How to Use Bonus Depreciation as a Tax Strategy
As you continue to grow a more profitable childcare business, you will want to explore the various tax incentives available to you as a business owner. In the following guide, we cover everything you need to know about a common tax strategy for small businesses: bonus depreciation. Keep reading to learn more.
What Is Bonus Depreciation?
Bonus depreciation is a tax incentive that allows business owners to deduct a large percentage of the cost of a qualified asset for the tax year in which it was purchased, while depreciating the remaining cost over a fixed schedule of several years. Bonus depreciation is advantageous to businesses because it provides an opportunity for a large tax write-off upon the purchase of an eligible asset, thereby reducing the business’s taxable income in that tax year. Here’s what you need to know about bonus depreciation:
Initially, bonus depreciation was created as a tax incentive by Congress through the Job Creation and Worker Assistance Act of 2002 after the terrorist attacks of 9/11 to encourage small businesses to invest and stimulate the economy. Since then, the Tax Cuts and Jobs Act (TCJA) of 2017 made significant changes to the rules for bonus depreciation. Notably, the TCJA enacted 100% bonus depreciation from the period of time from September 27, 2017 through December 31, 2022 with a scheduled phase-out on the following timeline (unless the law changes):
2022 – 100%
2023 – 80%
2024 – 60%
2025 – 40%
2026 – 20%
2027 – 0%
Which Assets Qualify for Bonus Depreciation?
Only certain business assets are eligible for bonus depreciation. Qualifying property must have a maximum useful life of 20 years and can be used for either personal use or business use. The following are considered qualifying assets:
- Modified Accelerated Cost Recovery System (MACRS) Property such as office furniture or computer equipment.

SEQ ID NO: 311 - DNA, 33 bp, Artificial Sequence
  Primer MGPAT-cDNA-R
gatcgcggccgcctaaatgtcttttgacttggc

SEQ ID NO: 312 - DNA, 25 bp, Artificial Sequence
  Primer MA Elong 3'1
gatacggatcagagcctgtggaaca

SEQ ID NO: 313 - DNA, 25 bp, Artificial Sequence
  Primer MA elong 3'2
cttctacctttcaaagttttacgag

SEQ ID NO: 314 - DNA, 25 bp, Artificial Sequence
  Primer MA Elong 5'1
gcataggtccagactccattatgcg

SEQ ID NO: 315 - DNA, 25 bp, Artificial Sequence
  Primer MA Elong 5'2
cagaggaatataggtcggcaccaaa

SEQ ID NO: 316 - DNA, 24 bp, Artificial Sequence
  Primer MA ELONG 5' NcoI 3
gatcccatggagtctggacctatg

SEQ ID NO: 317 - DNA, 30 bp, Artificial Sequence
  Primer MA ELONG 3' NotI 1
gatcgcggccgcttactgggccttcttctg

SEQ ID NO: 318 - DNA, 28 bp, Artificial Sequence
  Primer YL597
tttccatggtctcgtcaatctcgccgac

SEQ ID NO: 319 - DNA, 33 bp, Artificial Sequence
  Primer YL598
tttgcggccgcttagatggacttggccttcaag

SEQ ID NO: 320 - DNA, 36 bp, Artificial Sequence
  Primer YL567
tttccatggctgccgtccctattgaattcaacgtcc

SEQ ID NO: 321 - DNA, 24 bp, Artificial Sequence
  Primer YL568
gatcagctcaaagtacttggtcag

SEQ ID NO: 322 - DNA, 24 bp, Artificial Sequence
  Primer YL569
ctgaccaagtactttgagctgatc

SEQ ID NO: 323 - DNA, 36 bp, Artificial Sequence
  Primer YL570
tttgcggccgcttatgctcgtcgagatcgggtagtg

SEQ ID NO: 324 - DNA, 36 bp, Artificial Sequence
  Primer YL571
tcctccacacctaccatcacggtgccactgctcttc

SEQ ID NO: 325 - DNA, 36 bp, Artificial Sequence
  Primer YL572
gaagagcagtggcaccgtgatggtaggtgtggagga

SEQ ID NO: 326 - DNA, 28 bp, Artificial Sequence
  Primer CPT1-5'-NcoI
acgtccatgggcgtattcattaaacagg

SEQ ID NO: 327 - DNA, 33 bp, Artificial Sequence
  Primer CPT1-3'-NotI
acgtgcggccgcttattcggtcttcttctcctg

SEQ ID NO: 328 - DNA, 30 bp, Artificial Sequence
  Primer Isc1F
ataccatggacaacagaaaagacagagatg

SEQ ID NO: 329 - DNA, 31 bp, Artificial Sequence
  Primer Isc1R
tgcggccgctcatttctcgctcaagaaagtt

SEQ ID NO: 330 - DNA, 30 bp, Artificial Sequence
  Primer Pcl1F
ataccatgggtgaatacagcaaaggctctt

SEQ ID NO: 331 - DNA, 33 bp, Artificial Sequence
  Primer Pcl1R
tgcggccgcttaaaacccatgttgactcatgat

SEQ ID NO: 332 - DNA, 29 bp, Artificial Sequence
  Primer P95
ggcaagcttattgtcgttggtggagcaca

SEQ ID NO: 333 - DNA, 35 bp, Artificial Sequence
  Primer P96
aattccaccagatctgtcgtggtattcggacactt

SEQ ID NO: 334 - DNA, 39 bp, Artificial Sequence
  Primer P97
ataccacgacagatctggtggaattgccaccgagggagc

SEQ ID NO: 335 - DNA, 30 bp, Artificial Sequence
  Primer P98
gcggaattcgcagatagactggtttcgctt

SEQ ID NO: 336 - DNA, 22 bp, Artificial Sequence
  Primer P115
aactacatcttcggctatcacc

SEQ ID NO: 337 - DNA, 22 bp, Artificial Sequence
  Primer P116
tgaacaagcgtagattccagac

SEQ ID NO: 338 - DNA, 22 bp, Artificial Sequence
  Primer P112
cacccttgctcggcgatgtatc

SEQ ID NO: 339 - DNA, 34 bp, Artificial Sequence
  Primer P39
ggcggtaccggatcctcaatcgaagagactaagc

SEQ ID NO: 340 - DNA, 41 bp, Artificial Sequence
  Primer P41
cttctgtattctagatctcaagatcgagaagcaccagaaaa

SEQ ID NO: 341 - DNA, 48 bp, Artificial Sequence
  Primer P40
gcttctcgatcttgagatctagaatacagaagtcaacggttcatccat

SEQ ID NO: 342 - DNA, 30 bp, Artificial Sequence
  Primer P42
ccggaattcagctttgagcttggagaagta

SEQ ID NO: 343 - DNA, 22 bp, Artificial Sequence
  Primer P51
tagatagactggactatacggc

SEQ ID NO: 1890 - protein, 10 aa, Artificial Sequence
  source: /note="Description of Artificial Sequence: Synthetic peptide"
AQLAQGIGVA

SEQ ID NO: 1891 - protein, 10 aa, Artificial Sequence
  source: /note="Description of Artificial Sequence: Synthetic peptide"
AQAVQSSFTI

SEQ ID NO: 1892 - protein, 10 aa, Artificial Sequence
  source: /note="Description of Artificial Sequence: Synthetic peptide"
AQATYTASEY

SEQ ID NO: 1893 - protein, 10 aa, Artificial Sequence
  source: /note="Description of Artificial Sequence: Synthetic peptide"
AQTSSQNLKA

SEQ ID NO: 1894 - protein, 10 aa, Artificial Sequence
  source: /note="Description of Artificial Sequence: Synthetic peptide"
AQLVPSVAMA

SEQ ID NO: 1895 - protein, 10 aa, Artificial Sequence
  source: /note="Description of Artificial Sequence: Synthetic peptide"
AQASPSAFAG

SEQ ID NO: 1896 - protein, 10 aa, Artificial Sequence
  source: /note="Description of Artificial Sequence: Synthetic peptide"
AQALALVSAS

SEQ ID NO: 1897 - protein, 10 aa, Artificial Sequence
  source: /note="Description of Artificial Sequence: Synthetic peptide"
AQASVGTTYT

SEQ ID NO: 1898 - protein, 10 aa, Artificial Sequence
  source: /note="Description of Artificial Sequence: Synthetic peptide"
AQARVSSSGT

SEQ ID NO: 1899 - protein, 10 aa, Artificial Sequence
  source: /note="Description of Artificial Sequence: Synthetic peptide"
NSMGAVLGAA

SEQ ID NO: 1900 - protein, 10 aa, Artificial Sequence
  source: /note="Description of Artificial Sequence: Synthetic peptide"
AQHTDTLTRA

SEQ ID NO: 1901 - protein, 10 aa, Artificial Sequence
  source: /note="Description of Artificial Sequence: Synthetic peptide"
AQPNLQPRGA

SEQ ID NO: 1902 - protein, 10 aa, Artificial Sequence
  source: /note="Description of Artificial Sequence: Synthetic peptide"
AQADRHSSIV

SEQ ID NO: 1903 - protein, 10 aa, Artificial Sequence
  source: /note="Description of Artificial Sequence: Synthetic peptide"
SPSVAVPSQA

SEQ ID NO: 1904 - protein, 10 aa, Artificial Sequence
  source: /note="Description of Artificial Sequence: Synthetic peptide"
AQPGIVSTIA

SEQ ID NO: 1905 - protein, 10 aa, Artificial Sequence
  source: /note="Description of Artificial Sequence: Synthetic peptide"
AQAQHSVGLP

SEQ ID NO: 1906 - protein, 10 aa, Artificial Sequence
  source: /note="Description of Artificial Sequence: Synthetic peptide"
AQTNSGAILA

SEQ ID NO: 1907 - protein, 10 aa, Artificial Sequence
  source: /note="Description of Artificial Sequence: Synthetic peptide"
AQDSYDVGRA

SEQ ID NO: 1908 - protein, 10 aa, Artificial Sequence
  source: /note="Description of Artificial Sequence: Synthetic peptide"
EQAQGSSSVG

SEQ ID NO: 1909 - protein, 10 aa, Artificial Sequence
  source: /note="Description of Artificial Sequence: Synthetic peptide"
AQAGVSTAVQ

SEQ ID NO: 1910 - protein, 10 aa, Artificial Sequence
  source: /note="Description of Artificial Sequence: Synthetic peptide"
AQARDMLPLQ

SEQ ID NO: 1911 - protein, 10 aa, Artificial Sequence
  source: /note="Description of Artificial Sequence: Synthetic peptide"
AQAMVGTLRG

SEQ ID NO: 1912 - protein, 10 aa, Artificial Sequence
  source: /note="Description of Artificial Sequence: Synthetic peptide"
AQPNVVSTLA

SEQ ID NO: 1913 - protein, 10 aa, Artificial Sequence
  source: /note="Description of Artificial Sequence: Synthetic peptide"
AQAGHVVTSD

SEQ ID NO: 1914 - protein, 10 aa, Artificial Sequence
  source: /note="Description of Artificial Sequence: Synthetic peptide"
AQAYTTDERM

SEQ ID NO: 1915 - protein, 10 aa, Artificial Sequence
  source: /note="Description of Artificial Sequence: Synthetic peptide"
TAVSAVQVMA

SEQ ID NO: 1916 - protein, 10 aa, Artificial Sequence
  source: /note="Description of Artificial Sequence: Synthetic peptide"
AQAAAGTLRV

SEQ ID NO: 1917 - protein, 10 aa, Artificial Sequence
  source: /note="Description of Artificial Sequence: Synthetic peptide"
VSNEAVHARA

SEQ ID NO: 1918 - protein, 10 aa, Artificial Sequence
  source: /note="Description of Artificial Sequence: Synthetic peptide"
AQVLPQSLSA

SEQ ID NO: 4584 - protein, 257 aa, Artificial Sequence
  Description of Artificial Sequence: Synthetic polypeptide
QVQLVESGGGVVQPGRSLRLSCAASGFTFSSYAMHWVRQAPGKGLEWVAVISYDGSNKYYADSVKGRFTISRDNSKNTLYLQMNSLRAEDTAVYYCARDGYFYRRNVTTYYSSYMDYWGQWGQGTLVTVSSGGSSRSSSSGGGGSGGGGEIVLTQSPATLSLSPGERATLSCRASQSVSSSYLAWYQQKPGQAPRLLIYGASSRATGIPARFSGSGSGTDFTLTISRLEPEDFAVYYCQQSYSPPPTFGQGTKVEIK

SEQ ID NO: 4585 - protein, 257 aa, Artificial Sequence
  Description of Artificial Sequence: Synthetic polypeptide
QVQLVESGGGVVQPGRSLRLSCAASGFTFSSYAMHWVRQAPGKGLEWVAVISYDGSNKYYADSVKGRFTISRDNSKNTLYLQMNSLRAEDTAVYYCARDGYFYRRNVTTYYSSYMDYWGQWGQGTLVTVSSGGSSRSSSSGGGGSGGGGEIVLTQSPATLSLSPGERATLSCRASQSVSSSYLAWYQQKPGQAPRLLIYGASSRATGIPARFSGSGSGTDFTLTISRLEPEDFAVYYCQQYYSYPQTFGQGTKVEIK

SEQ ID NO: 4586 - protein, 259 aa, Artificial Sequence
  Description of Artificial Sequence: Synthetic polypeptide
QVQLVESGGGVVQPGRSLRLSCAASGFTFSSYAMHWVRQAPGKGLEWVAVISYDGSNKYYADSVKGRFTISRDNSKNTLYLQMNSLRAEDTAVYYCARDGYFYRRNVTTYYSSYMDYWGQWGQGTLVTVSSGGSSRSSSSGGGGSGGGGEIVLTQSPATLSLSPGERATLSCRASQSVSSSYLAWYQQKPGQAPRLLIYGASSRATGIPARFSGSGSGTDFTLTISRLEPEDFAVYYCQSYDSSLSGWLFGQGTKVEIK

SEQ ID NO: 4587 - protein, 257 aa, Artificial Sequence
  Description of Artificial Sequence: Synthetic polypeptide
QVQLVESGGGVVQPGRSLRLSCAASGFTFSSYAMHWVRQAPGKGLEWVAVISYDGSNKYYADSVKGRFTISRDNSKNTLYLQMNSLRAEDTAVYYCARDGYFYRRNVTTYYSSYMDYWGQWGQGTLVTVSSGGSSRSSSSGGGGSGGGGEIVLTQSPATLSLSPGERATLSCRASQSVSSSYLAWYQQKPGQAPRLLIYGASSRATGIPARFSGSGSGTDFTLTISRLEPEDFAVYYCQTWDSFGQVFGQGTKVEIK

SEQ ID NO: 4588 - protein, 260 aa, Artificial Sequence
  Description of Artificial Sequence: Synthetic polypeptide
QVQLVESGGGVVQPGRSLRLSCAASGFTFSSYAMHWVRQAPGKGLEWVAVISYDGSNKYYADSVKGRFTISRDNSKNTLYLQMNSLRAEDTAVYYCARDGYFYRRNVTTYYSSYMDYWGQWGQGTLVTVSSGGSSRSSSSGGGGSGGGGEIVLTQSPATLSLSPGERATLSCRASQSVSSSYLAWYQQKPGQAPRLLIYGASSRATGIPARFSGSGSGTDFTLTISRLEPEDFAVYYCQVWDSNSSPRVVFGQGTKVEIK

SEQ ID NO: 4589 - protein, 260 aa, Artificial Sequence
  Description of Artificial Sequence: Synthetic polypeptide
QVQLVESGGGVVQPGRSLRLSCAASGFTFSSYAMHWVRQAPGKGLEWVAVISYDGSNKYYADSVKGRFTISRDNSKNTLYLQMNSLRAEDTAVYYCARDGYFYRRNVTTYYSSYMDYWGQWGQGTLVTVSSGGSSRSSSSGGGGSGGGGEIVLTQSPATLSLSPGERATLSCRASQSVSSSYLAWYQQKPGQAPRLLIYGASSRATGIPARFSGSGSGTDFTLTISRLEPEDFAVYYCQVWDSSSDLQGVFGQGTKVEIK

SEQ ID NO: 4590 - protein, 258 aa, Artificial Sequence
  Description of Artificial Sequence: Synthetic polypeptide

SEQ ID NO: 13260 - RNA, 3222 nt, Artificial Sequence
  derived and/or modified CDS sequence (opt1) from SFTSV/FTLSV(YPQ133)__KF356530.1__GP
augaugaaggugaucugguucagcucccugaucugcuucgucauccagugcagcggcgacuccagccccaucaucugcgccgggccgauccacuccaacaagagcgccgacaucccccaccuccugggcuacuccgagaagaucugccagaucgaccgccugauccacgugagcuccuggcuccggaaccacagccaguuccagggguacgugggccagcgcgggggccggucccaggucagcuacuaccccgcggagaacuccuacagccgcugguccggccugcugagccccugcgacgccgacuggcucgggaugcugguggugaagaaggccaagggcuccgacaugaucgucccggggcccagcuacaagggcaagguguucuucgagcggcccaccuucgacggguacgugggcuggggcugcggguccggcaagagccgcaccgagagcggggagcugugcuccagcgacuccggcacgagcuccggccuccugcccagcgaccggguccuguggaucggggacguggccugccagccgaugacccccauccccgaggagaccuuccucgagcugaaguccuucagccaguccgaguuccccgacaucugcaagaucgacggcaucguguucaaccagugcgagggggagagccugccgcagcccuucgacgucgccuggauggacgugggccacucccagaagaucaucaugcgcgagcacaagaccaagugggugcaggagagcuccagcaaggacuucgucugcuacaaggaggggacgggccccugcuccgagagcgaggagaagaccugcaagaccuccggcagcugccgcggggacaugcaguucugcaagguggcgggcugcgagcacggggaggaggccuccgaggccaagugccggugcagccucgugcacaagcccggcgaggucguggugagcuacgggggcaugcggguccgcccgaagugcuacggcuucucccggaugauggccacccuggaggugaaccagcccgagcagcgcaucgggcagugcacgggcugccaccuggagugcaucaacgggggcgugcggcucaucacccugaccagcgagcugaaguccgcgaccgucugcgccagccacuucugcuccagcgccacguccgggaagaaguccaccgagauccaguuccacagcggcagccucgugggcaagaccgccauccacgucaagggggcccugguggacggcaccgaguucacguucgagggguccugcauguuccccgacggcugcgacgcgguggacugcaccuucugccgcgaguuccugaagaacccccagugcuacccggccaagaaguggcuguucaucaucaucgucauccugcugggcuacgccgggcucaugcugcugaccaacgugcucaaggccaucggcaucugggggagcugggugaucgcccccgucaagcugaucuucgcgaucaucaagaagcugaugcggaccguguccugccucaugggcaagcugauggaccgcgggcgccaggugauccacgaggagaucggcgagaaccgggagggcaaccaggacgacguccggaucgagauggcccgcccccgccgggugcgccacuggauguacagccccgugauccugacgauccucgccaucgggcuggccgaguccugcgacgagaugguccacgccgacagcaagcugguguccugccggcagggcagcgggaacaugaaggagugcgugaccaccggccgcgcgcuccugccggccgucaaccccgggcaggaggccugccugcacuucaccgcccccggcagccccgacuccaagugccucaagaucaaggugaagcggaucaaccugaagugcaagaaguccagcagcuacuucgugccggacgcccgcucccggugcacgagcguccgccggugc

- Depreciable Computer Software
- Qualified Leasehold Improvement Property, including any improvement to the interior of a commercial (non-residential) building
- Vacation Property if used as a short-term rental meeting the requirements set forth for a Qualified Leasehold Improvement Property
- Residential Real Estate if the taxpayer conducts a cost segregation study
- Used Equipment (must not have been used by the taxpayer prior to purchase)
Additional assets may qualify for bonus depreciation, and the requirements for each eligible asset must be met in full, so we always recommend working with a qualified tax professional who understands the rules for bonus depreciation.
How to Report Bonus Depreciation
In order to report bonus depreciation on your federal tax return, you would need to file Form 4562, Depreciation and Amortization (Including Information on Listed Property). The same form is used to report other types of depreciation, including Section 179 expensing. Using Form 4562, you will need to calculate bonus depreciation:
- Bonus Depreciation Rate X Cost of Qualified Business Asset = Amount of Bonus Depreciation
- Cost of Qualified Business Asset – Amount of Bonus Depreciation = Depreciated Value of the Business Asset
Here’s an example:
- 20% (Bonus Depreciation Rate) multiplied by $1,000,000 (Cost of Qualified Business Asset) = $200,000 (Amount of Bonus Depreciation)
- $1,000,000 (Cost of Qualified Business Asset) - $200,000 (Amount of Bonus Depreciation) = $800,000 (Depreciated Value of the Business Asset)
Ultimately, you will want to consider taking advantage of bonus depreciation as a useful tax saving tool for your Early Childhood Education business. Since calculating bonus depreciation, understanding qualified expenses, and adhering to the depreciation phase-out schedule set forth by the IRS can be confusing elements in the process, we encourage you to contact our team of professional accountants for all of your bonus depreciation needs.
Reach out to the experts at Honest Buck Accounting today!
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